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Person
J.A. Clark
J.A. Clark

Federal (USV)

Lieutenant

John A. Clark

(1841 - 1862)
Home State: Michigan
Command Billet: Company Officer
Branch of Service: Infantry
Unit: 7th Michigan Infantry

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Before the Antietam Campaign:
From a farming family of Monroe County, he enlisted as a Sergeant in Company D, Seventh Infantry, on 19 June 1861. He was commissioned Second Lieutenant on 18 March 1862 and promoted to 1st Lieutenant on 22 April. He first saw action on the Peninsula Campaign, but was home ill in July and August 1862.

In the Antietam Campaign:
He was killed in action near the West Woods on the morning of 17 September 1862.

The remainder of the War:
He was buried on the field, and his grave was part of a photograph taken on 19 September 1862 by Alexander Gardner. Frederick A. Nims, a boyhood chum and neighbor of John Clark accompanied the body back to Monroe. Nims, a Sergeant in Co. C, 5th Michigan Cavalry at that time, eventually became a Lieutenant and served as aide-de-camp to General Custer (also from Monroe).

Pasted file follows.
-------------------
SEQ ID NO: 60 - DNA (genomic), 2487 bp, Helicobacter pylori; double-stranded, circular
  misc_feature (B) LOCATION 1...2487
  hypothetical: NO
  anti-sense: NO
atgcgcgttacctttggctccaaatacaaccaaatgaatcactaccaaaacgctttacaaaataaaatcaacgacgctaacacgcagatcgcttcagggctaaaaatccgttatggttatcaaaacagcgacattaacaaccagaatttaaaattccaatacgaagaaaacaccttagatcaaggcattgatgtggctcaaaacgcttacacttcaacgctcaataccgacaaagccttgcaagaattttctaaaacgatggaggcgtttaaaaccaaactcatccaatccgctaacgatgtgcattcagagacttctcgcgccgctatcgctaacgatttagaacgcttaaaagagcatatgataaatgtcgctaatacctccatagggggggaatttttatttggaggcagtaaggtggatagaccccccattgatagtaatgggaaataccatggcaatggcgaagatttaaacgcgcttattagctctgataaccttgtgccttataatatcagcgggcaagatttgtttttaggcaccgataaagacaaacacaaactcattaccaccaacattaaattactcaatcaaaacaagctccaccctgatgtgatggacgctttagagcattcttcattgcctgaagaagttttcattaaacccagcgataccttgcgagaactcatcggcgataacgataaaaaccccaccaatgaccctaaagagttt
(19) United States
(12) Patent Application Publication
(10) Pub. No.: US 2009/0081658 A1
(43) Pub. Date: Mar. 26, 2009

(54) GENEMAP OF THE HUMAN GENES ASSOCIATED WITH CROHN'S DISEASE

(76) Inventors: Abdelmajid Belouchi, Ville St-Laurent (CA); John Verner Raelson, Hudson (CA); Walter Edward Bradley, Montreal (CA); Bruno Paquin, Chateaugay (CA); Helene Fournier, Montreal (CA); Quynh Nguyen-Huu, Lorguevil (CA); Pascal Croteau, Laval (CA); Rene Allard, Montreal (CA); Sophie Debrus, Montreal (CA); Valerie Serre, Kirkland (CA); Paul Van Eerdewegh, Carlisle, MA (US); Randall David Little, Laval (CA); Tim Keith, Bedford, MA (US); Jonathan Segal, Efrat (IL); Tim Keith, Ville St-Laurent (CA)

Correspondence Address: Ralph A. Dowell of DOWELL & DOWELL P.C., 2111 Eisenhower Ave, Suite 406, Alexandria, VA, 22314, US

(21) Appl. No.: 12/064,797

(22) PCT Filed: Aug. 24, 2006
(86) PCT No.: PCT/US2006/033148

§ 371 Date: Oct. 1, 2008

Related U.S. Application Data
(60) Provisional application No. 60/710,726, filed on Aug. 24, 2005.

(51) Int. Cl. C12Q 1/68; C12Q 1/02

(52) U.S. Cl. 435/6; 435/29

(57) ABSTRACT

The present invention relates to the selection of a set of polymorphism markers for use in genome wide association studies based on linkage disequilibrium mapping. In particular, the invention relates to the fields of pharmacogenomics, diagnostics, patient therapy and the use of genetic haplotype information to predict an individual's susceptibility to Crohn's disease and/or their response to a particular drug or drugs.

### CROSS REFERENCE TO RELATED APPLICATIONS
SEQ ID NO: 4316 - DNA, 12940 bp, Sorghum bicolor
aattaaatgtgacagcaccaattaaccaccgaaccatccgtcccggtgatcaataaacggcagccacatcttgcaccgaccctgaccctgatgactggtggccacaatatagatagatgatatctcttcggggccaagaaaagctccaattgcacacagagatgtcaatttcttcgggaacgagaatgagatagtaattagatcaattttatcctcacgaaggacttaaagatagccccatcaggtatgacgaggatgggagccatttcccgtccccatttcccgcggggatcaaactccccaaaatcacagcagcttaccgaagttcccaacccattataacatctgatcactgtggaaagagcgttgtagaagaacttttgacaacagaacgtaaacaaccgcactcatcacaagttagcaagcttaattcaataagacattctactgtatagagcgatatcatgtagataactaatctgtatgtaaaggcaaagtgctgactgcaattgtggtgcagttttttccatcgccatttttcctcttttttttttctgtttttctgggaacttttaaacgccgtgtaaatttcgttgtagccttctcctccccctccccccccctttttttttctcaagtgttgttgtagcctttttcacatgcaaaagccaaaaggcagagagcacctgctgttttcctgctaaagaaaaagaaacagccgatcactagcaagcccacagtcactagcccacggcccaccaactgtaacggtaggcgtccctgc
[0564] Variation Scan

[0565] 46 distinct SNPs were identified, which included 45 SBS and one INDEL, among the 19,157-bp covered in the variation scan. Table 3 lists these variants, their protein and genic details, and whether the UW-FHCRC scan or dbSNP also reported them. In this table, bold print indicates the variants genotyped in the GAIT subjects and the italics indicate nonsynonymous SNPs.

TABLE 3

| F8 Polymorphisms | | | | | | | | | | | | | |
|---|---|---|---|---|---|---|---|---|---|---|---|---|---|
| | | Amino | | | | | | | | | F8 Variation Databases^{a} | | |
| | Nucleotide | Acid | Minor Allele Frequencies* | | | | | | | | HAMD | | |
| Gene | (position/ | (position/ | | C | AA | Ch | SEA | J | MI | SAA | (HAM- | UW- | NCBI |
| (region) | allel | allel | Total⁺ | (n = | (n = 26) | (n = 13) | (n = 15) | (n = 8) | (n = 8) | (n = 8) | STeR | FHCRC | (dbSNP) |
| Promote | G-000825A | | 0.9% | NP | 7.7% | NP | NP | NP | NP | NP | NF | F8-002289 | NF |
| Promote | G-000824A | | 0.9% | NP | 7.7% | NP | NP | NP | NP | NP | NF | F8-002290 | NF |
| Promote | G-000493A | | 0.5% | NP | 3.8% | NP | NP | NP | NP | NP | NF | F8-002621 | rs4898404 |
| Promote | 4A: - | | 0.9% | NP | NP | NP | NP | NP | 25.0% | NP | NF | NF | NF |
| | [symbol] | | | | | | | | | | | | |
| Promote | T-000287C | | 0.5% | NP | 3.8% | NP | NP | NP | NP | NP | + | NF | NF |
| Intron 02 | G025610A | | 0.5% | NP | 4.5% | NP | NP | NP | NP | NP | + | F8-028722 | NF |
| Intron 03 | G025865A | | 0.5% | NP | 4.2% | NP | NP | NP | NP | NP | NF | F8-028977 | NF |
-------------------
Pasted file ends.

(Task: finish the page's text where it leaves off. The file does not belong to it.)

References, Sources, and other notes:
His service history is from the Descriptive Roll Seventh Michigan Infantry, an extract of which was posted along with his photograph at Seeking Michigan1, from the Library of Michigan and Archives of Michigan. Further details from Frassanito2. Thanks to Brian James Egen for corrections to his birthplace and cemetery data, as well as the information about Sergeant Nims.

Place of Birth: Monroe, MI    
Death Date: 09/17/1862    Death Place: Sharpsburg, MD    Burial Place: Woodland Cemetery, Monroe, MI



Notes

1   State of Michigan, Library and Archives, Seeking Michigan, Published 2008, first accessed 28 February 2010, <http://seekingmichigan.org/>, Source page: /u?/p4006coll3,446  [AotW citation 1086]

2   The original portrait photograph used here was likely taken while the Lieutenant was home in late summer 1862. It is from the collection of the Monroe County Historical Commission.
Frassanito, William A., Antietam: The Photographic Legacy of America's Bloodiest Day, New York: Charles Scribner's Sons, 1978, pp. 178-185  [AotW citation 1087]



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